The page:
oan Gralla; Editing by Jan Paschal
New York City has the largest population of Haitian descent outside Port-au-Prince, the earthquake-torn capital city of this Caribbean nation.
Bloomberg, who won a third term by a slim margin, is an independent who has long campaigned for national immigration reform. He called on law firms, charities and community groups to form a new public-private partnership to help Haitians qualify for this legal status.
The Mayor's Fund to Advance New York City has raised $621,001 to help Haiti.
New York City's tax revenues slid when Wall Street nearly capsized last year, and the city's resulting deficit makes it much harder for Bloomberg to pay for ambitious new programs.
Several of his new initiatives rely on the private sector, and he also promised to "stretch" every public dollar, by merging agencies and excising fat in the form of unneeded office space and car fleets. Duplicative functions, such as human resources, will also be combined.
"We will continue going full tilt -- full time," he said.
"And, even as we face difficult budget choices, which will require painful cuts, we will continue insisting that government remain on the side of every hard-working New Yorker," Bloomberg continued.
A PLEA FOR 'LIVING WAGE'
Local politicians, including Council Speaker Christine Quinn and City Comptroller John Liu, both Democrats, largely praised the mayor's plans.
But a spokesman for the Center for an Urban Future, a think tank, said the "home-grown," untrained or undereducated residents, need more help learning new skills to avoid getting "stuck in low-wage jobs for years to come."
The Drum Major Institute said Bloomberg should boost salaries by enacting a "living wage" law to avoid increasing the ranks of the working poor who often need public aid. For example, city employers will hire 22,000 cashiers and 32,000 retail clerks in the next seven years -- but only pay them $17,000 to $22,000 a year, the research group said.
FOCUS ON LOANS AND JOBS
Another public-private program, a new loan pool, will give New Yorkers now "drowning in credit card debt at huge interest rates" a fresh start with the first-ever bank accounts that require no minimum balances and have no hidden fees, he said.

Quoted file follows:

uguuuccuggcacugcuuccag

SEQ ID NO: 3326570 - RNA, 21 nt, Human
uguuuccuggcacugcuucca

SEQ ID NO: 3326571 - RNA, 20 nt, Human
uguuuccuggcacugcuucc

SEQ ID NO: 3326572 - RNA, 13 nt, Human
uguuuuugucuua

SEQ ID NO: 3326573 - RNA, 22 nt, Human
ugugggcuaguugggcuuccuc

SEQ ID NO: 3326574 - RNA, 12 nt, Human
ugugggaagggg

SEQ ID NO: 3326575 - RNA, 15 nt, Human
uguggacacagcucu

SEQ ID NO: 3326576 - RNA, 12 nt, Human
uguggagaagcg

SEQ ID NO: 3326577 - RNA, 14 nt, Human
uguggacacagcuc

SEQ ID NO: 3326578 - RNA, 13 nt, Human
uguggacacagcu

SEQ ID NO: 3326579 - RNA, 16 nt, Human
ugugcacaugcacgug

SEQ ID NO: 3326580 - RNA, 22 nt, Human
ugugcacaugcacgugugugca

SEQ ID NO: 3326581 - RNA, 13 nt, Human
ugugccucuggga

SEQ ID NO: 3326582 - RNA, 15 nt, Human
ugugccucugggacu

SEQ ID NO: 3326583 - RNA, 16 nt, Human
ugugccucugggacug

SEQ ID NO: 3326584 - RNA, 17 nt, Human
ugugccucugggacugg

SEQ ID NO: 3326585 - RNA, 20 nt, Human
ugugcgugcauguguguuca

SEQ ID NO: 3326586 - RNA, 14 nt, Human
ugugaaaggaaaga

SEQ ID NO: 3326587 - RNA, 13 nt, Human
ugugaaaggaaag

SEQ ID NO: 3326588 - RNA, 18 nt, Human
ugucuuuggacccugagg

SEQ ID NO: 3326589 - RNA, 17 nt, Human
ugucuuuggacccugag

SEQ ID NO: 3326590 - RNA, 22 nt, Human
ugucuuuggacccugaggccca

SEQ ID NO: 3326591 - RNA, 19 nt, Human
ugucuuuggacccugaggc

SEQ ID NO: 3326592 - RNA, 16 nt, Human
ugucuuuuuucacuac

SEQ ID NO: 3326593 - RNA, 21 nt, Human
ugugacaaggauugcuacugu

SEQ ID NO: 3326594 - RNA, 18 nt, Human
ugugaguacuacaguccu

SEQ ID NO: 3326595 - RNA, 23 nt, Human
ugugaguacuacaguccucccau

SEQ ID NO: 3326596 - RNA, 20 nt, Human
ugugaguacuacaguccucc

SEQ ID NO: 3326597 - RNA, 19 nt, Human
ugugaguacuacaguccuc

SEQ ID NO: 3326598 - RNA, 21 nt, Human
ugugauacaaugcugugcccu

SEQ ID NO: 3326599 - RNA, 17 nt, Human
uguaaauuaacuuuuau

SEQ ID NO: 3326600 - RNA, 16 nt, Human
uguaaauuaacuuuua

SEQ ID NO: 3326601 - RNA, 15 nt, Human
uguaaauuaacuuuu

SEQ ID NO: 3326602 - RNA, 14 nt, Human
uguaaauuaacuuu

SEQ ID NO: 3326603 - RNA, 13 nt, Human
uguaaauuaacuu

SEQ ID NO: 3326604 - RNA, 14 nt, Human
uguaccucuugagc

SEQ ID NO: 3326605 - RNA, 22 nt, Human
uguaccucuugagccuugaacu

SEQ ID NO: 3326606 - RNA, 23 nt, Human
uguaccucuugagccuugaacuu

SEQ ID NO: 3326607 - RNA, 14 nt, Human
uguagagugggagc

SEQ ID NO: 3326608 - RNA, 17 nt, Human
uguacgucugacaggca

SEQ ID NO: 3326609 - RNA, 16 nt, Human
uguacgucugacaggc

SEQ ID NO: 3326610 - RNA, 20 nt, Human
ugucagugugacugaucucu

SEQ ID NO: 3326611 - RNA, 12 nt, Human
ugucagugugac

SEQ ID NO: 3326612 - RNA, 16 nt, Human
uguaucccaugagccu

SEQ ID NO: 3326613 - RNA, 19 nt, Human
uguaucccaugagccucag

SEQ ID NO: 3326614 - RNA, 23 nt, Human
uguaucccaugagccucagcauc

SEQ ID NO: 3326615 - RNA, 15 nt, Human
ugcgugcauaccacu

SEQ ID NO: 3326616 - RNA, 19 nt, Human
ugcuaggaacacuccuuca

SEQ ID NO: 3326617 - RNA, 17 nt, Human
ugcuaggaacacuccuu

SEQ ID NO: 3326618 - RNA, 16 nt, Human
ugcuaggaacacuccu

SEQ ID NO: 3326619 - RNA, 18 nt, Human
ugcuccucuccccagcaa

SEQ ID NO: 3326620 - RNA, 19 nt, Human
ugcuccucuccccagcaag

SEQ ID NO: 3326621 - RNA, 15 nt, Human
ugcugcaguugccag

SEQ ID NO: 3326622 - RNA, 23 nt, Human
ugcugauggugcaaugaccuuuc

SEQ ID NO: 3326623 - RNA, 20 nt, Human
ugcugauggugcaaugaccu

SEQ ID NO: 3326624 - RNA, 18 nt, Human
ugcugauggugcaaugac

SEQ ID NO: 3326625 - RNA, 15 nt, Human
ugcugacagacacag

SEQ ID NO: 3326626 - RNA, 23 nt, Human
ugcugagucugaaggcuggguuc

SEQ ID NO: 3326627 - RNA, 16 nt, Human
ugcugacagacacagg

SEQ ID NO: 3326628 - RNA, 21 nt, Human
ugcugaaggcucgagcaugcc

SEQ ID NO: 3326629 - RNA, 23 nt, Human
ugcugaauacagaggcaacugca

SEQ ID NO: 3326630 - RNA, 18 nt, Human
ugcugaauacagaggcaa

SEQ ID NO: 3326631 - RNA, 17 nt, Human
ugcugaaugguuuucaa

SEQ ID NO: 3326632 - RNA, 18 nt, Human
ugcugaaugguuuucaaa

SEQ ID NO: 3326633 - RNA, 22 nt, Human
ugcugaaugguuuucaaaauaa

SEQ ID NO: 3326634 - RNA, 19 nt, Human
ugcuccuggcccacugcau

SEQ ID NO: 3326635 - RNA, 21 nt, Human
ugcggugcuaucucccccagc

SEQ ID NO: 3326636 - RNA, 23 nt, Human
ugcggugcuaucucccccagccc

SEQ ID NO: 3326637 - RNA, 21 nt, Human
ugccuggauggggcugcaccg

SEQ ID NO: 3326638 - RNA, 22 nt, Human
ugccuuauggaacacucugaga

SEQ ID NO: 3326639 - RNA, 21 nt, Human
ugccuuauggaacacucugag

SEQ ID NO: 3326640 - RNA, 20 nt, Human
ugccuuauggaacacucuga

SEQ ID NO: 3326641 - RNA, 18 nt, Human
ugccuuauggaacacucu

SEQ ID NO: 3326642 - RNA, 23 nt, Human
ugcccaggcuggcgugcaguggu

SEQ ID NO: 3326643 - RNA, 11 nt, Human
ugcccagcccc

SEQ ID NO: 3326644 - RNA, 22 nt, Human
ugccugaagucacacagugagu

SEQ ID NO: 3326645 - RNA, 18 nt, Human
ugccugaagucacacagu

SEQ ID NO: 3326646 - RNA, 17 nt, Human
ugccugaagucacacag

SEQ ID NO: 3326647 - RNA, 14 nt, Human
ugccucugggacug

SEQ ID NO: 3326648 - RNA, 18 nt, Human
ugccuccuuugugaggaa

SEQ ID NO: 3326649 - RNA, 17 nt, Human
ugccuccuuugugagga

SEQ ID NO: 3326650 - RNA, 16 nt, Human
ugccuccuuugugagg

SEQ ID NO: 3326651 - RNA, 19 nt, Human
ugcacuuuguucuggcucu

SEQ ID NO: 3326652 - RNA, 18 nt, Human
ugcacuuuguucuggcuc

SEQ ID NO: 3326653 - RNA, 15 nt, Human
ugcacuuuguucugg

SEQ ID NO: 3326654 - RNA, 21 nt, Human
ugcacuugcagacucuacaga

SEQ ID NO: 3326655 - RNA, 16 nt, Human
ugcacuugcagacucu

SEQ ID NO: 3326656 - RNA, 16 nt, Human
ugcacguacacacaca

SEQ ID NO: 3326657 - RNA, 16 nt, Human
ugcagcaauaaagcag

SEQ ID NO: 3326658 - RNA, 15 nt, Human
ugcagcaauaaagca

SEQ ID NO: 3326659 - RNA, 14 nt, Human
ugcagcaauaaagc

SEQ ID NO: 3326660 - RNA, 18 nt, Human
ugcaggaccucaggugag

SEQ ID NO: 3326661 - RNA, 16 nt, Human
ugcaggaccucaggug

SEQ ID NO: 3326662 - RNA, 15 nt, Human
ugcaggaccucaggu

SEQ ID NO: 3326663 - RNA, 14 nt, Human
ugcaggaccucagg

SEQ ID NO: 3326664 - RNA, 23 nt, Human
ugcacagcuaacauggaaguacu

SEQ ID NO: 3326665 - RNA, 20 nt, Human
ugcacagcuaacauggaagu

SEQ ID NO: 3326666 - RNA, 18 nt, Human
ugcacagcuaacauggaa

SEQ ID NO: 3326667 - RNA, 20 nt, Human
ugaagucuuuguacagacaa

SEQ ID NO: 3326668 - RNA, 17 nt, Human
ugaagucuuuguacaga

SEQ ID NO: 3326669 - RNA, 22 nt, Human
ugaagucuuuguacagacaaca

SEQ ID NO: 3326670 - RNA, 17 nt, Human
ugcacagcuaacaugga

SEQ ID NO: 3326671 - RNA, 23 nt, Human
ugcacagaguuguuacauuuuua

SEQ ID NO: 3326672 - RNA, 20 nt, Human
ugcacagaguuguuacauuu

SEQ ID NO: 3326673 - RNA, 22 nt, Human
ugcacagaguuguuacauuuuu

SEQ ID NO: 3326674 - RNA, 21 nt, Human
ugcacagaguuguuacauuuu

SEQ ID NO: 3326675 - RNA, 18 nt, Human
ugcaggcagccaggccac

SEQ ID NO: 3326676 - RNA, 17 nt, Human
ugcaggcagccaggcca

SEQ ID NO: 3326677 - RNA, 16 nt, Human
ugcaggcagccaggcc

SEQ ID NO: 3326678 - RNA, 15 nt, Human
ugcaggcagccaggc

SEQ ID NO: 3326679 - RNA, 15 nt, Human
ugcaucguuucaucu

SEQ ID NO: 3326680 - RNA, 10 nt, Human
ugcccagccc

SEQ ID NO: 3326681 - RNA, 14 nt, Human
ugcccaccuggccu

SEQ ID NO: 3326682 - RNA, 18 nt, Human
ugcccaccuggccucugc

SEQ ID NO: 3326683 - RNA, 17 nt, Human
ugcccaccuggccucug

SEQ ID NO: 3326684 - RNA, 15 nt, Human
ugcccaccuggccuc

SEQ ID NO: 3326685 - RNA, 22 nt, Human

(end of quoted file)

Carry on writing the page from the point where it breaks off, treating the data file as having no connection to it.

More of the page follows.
New "financing fairs" for immigrants will let them meet with lenders who speak their languages, he said. Some 5,000 more of the "newest" New Yorkers will offered English classes.
All business owners will benefit from a lighter paperwork burden, as license applications will be sped and coordinated among agencies, kick-starting new enterprises with a new business 311 telephone line.
Shifting $750 million to the housing marketplace rescue program from the capital budget will help protect tenants in "distressed" apartment buildings, he said. Landlords who own such buildings overpaid for their properties and overmortgaged them; upkeep and services can fall if foreclosures result.
Though New York City's foreclosure rates are lower than in some of the nation's other largest cities, 1,000 middle-class families will be able to refinance their homes at "reasonable terms" with a new $10 million mortgage assistance fund, Bloomberg said.
Bloomberg, who has made improving public school education a signature issue, proposed new anti-truancy and anti-pregnancy initiatives, noting that black and Hispanic young men are twice as likely not to graduate from high school and "far more likely" to become fathers than their white and Asian peers.
Further, poverty rates for black and Hispanic young men are 50 percent higher than for Asians and whites, while their unemployment rates are 60 percent higher, the mayor said.
Using federal stimulus money, he proposed creating 2,000 public and private-sector jobs for young people.